Events To Celebrate Women's History Month
March 1, 2017
SHSU Media Contact: Lane Fortenberry
Sam Houston State University will celebrate Women’s History Month with multiple events hosted by the College of Humanities and Social Sciences throughout March.
To start the celebration, Emily Nemens, writer, illustrator and co-editor of the Southern Review, will discuss her editor role on March 2 at 12:30 p.m. in Evans Room 212. At 5:30 p.m. in Evans Room 105, she will give a craft talk and read from her own creative work.
Phi Alpha Theta will present a Women’s History Month lecture by Nancy Baker titled “Texas Feminism ‘Between the Waves’” on March 7 at 4:00 p.m. in the Olson Auditorium in Academic Building IV.
Baker, interim associate vice provost and associate professor of history, will discuss Texas feminist legal reformers who modernized the state’s laws, bringing Texas from worst in the nation for women to first to have a unified, reformed Family Code of Law. She will focus on the activism of Sarah Hughes, Louise Raggio and Hermine Tobolowsky from the 1920s-1970s. Together, the three dramatically changed the state of women’s rights in Texas.
There will be three multilingual readings of literature by women: March 7 at 12:30 p.m. in Teacher Education Center Room 131; March 7 at 2 p.m. in TEC Room 341; and March 8 at 6 p.m. in The Woodlands Center Room 330.
SHSU faculty and student volunteers will present short bios in English of a female author who writes poetry or prose in a language other than English. They will then give short explanations of the work in English and read the short work in the original language. Each presentation will last five to seven minutes.
Ervin Malakaj, assistant professor of German, will present his program “Post-68 Nostalgia and the Personal Labor of Women” as part of the Honors College ProfSPEAK presentations on March 8 from 4-5:30 p.m. in Evans Complex Room 105.
“My presentation will showcase my work on the relationship of the 1968 antiauthoritarian movement and womanist filmmaking in Germany,” Malakaj said. “I look at one specific film in my talk: Helma Sanders-Brahms’s, ‘Under the Pavement Lies the Strand’ (1975).
“The film traces the relationship of an artist couple living in Berlin in the aftermath of the 1968 Student Movement,” he said. “While the male character falls into a philosophical depression, the female lead discovers, through her relationships with other women, one way to move forward after the failed revolution.”
Malakaj will discuss the way the film wants to complicate the lives of activists.
A women’s poetry slam hosted by Let’s Get Loud!, a new student organization dedicated to spoken word and poetry, will be held on March 8 at 5 p.m. at the Vortexan. The slam will feature SHSU students performing spoken word and slam poems in a competition-style event. Students have three minutes for their presentations.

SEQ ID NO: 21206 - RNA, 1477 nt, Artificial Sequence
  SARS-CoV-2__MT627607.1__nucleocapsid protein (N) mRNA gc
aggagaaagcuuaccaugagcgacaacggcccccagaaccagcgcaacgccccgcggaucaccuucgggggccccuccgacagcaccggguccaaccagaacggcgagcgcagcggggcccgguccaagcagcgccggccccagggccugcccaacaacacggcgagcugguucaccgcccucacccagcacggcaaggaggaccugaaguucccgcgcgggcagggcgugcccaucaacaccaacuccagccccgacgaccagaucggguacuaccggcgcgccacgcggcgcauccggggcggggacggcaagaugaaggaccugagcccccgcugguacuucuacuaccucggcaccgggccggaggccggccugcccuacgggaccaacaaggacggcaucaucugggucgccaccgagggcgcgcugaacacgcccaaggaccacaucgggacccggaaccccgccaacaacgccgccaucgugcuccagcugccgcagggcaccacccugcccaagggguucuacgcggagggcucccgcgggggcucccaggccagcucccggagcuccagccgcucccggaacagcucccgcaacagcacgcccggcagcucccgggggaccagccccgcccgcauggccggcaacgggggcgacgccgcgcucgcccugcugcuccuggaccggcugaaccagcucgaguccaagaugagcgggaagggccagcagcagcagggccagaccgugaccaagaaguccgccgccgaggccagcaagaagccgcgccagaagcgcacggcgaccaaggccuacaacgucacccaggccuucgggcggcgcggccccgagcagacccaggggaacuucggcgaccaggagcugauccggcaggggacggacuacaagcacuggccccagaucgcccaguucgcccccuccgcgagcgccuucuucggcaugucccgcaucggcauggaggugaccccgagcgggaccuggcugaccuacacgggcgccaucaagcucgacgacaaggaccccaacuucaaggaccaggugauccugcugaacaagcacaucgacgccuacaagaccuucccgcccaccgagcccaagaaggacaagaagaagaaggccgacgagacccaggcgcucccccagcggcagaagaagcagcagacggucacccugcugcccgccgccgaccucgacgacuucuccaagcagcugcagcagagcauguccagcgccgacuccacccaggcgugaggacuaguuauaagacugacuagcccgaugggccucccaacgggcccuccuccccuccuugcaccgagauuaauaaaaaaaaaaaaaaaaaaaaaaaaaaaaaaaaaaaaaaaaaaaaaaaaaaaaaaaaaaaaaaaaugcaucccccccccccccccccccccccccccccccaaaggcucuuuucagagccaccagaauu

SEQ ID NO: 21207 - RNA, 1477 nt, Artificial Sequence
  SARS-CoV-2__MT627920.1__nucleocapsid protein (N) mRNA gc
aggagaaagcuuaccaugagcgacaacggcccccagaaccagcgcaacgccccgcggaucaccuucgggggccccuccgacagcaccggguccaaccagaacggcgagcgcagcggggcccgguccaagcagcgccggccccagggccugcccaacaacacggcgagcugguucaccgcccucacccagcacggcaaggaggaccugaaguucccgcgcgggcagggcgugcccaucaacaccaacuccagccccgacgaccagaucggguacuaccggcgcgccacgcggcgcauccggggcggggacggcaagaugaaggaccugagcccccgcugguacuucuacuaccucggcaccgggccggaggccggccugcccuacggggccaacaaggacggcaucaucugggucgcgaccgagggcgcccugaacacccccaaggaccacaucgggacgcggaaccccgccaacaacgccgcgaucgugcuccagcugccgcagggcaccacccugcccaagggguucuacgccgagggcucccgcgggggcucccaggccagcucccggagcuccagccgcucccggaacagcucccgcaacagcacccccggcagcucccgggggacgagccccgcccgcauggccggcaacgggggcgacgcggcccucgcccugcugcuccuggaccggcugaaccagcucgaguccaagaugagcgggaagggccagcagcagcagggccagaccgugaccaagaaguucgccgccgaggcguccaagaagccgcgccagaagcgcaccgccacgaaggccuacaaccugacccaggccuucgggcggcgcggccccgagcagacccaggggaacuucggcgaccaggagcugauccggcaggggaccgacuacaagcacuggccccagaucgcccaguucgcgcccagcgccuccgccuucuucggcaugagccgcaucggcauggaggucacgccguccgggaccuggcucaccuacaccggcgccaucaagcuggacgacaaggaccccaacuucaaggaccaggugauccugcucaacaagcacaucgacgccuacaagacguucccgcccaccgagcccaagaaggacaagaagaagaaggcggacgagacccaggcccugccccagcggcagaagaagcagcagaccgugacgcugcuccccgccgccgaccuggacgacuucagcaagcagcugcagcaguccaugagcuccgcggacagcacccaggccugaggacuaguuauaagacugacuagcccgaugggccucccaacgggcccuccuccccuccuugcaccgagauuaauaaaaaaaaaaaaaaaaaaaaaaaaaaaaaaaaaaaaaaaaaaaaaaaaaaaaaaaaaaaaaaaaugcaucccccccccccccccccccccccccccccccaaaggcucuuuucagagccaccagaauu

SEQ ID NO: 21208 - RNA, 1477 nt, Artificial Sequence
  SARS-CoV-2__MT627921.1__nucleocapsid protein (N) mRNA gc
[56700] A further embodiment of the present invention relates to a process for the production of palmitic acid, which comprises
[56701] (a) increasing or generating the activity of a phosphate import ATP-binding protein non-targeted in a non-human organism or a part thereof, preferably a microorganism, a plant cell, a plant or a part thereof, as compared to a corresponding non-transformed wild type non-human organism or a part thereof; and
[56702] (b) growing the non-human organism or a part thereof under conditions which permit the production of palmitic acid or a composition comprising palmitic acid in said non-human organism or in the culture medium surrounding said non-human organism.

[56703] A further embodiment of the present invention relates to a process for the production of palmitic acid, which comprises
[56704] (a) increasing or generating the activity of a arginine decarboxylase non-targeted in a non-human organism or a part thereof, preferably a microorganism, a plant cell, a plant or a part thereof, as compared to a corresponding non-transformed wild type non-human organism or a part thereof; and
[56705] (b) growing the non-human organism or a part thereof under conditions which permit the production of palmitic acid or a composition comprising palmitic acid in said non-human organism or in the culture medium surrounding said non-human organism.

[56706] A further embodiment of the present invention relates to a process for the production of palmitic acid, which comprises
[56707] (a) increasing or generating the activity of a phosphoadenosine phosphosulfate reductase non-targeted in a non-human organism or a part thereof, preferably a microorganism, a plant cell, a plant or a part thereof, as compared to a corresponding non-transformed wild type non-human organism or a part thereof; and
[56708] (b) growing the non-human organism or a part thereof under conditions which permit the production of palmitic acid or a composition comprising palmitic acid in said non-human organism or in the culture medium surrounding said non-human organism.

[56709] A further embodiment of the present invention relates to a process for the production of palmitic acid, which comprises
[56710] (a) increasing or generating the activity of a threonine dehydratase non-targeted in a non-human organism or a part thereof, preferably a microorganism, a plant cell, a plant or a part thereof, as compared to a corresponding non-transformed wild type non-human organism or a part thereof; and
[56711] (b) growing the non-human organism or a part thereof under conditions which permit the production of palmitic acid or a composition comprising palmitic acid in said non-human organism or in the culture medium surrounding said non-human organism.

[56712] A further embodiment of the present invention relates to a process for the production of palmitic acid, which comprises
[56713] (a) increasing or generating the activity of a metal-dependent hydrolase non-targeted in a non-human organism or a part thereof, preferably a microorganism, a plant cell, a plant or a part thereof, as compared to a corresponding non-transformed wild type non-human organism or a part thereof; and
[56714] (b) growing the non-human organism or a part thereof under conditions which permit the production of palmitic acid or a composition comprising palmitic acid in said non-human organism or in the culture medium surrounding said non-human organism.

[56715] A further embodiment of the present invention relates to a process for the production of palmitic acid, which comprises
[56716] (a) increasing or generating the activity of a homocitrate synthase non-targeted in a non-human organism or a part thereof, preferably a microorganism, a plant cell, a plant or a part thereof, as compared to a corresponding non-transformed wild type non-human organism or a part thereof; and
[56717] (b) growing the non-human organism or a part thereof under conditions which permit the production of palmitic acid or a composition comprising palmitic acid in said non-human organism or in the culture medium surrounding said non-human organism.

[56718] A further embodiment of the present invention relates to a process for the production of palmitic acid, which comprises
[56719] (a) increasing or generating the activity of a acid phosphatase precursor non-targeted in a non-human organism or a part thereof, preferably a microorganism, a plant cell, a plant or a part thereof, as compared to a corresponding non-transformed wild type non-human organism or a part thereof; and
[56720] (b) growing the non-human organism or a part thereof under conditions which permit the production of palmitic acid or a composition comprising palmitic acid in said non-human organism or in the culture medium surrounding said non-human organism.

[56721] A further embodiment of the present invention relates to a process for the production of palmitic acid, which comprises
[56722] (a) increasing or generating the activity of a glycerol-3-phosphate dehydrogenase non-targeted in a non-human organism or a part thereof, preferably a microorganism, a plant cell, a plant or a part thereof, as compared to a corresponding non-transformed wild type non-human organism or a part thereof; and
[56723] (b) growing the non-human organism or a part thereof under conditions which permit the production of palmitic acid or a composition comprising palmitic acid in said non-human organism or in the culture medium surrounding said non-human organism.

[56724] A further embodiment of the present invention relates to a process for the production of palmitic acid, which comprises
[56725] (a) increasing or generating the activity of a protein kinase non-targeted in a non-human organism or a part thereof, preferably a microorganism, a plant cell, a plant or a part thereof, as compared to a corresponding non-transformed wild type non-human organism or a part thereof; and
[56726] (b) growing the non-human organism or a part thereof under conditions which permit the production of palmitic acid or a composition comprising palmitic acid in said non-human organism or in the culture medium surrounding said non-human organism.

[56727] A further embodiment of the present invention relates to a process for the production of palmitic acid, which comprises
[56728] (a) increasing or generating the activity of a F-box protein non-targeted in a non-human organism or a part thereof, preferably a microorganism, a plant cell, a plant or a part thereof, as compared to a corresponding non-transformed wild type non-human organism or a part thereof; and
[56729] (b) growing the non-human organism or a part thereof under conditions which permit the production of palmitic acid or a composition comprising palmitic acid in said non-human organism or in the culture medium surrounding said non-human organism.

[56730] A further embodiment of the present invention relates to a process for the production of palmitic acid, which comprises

Later that evening, Trevor Boffone, Houston-based scholar, educator, writer and producer, will present his 50 Playwrights Project and introduce Jasminne Mendez’s reading of “Island of Dreams” at 6 p.m. at the Vortexan. Mendez is a performance poet, actress, teacher and published writer. Boffone will facilitate a Q&A after the reading.
On March 9 at 5 p.m. in CHSS Room 110, there will be a screening of “Voices of Muslim Women from the US South,” followed by a panel discussion. Siham Bouamer, visiting assistant professor of French, will moderate the discussion.
The documentary explores the Muslim culture through the lens of five University of Alabama Muslim students. The film tackles how Muslim women carve a space for self-expression in the Deep South and how they negotiate their identities in a predominantly Christian society.
There will be a screening of “Audre Lorde: The Berlin Years 1984 to 1992,” followed by a discussion on March 21 at 5 p.m. in CHSS Room 110. Ervin Malakaj will moderate the discussion.
The film explores a little-known chapter of Audre Lorde’s prolific life, a period in which she helped ignite the Afro-German Movement and made lasting contributions to the German political and cultural scene before and after the fall of the Berlin Wall and German reunification.
Jenny Dahlgren, record-setting hammer throw athlete and Olympian, will present her program “Rising Above Stereotypes and Setbacks: An Olympian’s Experience of Rejection and Failure” on March 23 at 4 p.m. in CHSS Room 110.
Dahlgren has won multiple national championships and represented Argentina in the 2004, 2008, 2012 and 2016 Olympics. She has received numerous awards, including being named one of the five best female athletes of the decade. She recently published a children’s book titled “El martillo volador y otros cuentos,” the first in a series of tales about sportsmanship.
Lastly, Annise Parker will present “Women on Top: Top-Lessons in Politics and Leadership” on March 30 at 5:30 p.m. in the Criminal Justice Center Lower Auditorium. She will also host a student luncheon at noon at 1836 Steakhouse in Huntsville.
After working in oil and gas for 20 years, Parker served three terms as mayor of Houston, after terms as council member and controller. She was only the 10th woman and first openly LGBT mayor of a major American city. In 2010, Time magazine named her one of the 100 most influential people in the world.
Parker was a member of President Obama’s Task Force on Climate Preparedness and Resilience, and chaired the U.S. Conference of Mayors Criminal and Social Justice Committee.
She is currently a fellow at the Doerr Institute for New Leaders and Professors in the Practice at Rice University, as well as senior vice president and chief strategy officer at Neighborhood Centers, Inc. In addition, she serves on the board of FirstNet and Airbnb Mayor’s Advisory Board.
For more information, contact CHSS at firstname.lastname@example.org or 936.294.2200.
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